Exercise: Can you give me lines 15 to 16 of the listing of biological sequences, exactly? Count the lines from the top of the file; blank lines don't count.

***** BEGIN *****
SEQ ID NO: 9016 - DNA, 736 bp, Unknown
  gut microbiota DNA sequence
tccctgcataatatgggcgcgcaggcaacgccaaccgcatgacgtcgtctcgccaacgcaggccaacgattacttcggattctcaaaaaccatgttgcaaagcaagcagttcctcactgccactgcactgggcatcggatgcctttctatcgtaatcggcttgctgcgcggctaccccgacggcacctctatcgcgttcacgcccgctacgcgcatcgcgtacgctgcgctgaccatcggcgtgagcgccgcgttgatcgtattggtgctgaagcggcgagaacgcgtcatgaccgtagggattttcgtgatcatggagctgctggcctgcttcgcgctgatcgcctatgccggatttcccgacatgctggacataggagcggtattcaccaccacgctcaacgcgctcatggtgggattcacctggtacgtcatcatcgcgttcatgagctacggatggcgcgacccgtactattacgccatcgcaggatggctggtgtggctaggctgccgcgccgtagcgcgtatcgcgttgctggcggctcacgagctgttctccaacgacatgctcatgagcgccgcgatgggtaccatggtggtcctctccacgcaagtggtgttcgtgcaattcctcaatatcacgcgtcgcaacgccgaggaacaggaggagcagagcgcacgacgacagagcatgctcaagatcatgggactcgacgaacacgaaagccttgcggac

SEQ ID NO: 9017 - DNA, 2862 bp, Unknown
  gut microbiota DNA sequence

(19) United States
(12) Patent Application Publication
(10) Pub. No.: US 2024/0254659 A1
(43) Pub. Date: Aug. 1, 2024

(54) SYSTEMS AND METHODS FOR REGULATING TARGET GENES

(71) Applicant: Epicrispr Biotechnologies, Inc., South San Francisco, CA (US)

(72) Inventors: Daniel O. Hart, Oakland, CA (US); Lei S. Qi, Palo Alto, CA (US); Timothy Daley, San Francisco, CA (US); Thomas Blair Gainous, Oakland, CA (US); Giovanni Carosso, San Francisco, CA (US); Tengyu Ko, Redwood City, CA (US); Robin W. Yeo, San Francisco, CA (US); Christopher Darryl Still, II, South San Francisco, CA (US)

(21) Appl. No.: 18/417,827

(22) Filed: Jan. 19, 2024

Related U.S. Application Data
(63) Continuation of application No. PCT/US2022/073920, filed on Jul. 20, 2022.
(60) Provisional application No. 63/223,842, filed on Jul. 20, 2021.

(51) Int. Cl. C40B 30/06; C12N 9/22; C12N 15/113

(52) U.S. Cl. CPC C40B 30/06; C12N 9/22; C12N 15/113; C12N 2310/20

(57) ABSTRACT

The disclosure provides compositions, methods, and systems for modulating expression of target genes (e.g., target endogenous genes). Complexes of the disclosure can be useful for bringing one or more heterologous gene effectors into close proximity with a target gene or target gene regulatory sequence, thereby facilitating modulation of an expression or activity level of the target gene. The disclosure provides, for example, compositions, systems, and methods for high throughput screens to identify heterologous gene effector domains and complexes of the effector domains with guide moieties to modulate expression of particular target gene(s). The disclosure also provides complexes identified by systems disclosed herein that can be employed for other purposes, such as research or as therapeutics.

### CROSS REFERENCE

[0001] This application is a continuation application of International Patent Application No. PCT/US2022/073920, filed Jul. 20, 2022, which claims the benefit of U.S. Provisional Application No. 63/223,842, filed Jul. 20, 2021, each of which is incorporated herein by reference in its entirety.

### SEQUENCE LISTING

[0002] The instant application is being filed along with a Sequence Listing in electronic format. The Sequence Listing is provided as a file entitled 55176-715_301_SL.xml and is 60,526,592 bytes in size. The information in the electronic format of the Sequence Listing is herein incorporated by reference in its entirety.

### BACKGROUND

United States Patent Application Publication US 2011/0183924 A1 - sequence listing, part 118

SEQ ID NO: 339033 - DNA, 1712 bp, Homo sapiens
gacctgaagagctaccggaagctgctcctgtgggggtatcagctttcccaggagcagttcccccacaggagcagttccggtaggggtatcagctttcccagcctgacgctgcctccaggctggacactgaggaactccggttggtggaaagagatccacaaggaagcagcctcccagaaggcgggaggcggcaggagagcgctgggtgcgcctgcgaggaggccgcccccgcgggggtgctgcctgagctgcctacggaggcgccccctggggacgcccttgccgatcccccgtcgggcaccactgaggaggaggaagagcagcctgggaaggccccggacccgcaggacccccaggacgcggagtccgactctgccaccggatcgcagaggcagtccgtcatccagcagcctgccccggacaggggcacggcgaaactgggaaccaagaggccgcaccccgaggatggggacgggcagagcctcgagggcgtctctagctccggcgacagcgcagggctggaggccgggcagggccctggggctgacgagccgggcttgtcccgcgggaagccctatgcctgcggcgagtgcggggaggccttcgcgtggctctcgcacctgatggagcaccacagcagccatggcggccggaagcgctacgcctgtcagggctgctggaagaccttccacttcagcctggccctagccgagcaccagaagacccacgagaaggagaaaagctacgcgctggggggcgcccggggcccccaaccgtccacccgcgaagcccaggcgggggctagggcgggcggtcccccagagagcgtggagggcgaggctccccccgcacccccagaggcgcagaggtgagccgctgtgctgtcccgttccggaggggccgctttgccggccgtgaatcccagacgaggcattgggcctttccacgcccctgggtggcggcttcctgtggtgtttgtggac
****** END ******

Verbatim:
Related U.S. Application Data
(63) Continuation of application No. PCT/US2022/073920, filed on Jul. 20, 2022.